© Andrei A Tarkovsky. All rights reserved


“…Any artist in any genre is striving to reflect as deep as possible a person’s inner world… I realized, quite unexpectedly for myself, that all these years I was doing one and the same thing and in essence I’m always interested in the same problems. Though I was making different types of films, all of them came to life for one reason — they had to tell about the inner duality of a human being. About his contradictory position between spirit and substance, between spiritual ideals and the necessity to exist in this material world.”
Andrei Tarkovsky, About Andrei Tarkovsky, Progress Publishers, Moscow, 1990
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Bright, Bright Day: Andrey Tarkovsky’s Polaroids. Edited by Stephen Gill
by Andrei Arsenevich Tarkovskii, Professor Stephen Gill (Editor), Andrey Tarkovsky (Photographer)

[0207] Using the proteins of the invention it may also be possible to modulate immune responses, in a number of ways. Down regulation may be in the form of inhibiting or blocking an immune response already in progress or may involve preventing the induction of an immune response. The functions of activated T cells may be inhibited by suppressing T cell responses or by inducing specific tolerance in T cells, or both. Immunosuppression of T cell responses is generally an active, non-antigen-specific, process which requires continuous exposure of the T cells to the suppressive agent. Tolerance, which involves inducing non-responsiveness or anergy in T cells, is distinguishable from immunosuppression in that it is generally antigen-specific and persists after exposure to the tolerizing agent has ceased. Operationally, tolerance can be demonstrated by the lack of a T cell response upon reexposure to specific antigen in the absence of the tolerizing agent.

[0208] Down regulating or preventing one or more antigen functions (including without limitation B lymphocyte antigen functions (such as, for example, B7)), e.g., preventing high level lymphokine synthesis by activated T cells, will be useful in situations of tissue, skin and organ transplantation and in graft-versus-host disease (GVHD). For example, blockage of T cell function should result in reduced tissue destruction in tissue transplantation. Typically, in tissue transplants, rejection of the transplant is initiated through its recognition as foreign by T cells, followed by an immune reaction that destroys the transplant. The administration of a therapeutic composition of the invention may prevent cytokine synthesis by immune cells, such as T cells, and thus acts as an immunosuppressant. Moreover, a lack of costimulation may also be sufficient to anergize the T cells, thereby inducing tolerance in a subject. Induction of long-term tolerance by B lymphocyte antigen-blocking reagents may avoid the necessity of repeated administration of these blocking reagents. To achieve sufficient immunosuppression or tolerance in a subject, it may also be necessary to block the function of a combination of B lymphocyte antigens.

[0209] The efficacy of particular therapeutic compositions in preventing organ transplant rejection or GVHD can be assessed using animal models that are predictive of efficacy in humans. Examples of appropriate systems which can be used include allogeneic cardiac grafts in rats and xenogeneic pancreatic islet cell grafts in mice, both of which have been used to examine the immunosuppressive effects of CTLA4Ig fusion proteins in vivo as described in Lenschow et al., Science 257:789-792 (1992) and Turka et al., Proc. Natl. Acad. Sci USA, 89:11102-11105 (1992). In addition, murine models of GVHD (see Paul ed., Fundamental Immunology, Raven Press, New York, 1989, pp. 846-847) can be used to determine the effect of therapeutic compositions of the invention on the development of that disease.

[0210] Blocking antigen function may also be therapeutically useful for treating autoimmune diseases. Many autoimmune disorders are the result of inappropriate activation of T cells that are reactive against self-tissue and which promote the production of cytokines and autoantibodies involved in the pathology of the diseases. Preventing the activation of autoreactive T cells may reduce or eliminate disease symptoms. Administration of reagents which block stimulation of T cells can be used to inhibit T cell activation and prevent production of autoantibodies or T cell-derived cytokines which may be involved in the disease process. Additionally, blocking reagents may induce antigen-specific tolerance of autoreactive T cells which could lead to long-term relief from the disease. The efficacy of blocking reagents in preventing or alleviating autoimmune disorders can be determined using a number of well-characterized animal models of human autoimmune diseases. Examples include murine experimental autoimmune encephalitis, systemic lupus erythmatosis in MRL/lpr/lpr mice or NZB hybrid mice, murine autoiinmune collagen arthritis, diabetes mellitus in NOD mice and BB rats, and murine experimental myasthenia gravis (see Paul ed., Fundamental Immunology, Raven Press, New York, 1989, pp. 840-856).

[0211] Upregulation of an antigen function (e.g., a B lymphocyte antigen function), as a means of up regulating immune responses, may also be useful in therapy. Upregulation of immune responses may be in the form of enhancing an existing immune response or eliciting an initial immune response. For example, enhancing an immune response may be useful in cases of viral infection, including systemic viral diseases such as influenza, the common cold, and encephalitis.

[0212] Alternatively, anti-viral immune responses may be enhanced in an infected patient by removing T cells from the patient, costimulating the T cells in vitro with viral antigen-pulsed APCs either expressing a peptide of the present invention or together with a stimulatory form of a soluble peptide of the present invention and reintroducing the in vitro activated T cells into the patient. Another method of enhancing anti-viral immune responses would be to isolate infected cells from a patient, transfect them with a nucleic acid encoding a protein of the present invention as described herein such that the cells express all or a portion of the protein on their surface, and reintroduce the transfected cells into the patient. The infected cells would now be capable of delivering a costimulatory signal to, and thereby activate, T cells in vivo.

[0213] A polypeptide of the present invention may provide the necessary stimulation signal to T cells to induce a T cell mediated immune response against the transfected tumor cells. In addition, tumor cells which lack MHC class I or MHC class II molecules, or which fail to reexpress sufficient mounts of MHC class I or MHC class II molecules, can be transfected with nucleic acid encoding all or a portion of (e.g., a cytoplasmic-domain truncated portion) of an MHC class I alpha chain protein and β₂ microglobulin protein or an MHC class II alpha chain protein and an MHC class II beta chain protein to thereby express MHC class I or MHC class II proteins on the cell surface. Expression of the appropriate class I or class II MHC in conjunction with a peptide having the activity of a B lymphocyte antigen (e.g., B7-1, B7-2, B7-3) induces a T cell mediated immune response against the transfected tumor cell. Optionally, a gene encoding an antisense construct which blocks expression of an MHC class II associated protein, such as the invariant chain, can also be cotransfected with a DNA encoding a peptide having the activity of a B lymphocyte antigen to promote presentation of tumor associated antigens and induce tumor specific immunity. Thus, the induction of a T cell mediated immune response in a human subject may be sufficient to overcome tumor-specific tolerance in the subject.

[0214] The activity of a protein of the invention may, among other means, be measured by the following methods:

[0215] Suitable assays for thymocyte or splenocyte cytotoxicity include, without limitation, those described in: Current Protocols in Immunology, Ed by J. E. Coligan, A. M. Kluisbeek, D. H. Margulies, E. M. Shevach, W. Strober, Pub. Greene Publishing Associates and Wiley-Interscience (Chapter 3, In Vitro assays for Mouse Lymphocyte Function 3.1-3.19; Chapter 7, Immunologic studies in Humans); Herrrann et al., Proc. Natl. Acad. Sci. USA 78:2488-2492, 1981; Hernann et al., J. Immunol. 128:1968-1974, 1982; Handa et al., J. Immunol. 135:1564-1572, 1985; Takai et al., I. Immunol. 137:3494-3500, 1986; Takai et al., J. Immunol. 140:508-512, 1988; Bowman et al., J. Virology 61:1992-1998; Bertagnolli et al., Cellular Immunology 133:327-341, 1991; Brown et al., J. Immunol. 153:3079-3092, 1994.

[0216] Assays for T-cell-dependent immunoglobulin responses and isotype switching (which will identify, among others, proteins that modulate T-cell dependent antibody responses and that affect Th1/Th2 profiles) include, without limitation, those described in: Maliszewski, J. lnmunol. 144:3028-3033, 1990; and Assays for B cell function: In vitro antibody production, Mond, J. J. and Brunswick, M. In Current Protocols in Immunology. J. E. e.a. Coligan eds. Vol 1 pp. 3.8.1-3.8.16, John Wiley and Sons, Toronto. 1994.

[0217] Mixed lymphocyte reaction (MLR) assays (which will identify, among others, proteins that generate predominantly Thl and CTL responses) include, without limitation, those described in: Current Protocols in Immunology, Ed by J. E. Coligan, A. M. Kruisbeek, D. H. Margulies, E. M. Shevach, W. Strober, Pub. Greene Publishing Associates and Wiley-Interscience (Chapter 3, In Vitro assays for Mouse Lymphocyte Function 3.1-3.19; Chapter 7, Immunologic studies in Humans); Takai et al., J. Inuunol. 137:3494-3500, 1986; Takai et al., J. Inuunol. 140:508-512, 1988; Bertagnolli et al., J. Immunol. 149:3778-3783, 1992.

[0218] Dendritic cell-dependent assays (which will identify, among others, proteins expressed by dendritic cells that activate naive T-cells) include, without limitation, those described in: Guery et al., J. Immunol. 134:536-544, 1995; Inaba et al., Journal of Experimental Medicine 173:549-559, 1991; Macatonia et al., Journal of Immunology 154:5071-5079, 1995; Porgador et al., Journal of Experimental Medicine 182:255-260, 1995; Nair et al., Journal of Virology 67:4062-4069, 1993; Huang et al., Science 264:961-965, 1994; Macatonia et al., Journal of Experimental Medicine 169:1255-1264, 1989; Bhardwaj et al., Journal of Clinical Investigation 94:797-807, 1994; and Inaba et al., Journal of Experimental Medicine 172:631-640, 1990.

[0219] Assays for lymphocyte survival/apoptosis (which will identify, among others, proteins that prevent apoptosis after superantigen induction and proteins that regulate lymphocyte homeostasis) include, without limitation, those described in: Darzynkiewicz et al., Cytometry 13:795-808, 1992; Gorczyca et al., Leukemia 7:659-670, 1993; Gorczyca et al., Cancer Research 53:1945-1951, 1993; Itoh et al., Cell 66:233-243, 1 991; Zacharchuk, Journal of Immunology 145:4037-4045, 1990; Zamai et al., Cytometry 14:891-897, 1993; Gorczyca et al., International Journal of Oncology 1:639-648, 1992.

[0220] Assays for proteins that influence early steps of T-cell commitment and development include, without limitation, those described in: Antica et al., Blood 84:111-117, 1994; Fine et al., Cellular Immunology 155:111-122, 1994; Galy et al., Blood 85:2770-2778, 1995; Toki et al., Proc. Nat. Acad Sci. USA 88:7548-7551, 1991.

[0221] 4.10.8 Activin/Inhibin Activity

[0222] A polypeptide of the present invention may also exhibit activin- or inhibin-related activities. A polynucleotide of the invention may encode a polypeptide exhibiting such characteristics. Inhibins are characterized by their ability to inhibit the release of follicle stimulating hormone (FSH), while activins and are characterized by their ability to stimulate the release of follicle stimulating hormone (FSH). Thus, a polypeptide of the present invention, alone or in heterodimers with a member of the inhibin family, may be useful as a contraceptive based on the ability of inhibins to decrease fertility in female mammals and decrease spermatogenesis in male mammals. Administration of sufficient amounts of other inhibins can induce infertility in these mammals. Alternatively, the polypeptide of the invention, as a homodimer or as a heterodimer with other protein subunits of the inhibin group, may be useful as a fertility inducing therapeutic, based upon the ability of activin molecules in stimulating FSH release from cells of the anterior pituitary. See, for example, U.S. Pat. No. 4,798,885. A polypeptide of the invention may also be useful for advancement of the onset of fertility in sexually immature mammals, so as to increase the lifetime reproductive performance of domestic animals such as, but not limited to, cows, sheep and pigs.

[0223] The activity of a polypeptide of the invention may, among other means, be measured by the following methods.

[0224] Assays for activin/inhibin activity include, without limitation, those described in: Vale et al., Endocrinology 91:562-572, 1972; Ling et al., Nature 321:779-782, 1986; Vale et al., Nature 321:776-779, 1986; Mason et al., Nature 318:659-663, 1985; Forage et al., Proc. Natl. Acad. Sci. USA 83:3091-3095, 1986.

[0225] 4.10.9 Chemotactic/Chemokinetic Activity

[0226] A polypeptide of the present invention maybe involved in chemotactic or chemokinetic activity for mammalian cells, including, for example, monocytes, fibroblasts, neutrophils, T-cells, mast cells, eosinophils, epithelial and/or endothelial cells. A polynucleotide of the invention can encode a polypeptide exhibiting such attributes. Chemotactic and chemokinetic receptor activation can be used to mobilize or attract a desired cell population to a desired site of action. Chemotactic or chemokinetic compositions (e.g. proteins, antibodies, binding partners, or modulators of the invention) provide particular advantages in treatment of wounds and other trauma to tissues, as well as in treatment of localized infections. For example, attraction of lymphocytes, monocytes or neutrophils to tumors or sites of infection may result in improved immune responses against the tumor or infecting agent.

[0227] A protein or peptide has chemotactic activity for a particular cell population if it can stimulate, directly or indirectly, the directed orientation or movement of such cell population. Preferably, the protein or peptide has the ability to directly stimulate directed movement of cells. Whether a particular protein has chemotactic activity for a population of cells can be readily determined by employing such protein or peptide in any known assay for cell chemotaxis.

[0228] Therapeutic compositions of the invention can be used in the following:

Andrey Tarkovsky is widely considered one of the greatest filmmakers in history. This beautifully produced, gem-like volume collects his extremely evocative and personal Polaroids, most of which feature his family and their most cherished settings-at home and in nature. Edited by Stephen Gill, who also contributes a text, this volume contains essays by leading critics; poems by Arseniy Tarkovsky; a text by Andrey A. Tarkovsky, his son; Andrey Tarkovsky’s own essay on photography; and a series of intimate Tarkovsky family photographs made during the 1930s by the Moscow poet Lev Gornung. In his text, Gill writes, “The images seem to dance between reality, the very being of their subject, and the photographer’s feeling for them. These images are descriptive documents, but they also speak for themselves, conveying something of Tarkovsky’s emotions. Tarkovsky’s photographs are wonderfully measured; his feet seem to be firmly on the ground, and yet he leaves space for his subjects to breathe, so he does not mute the essence.”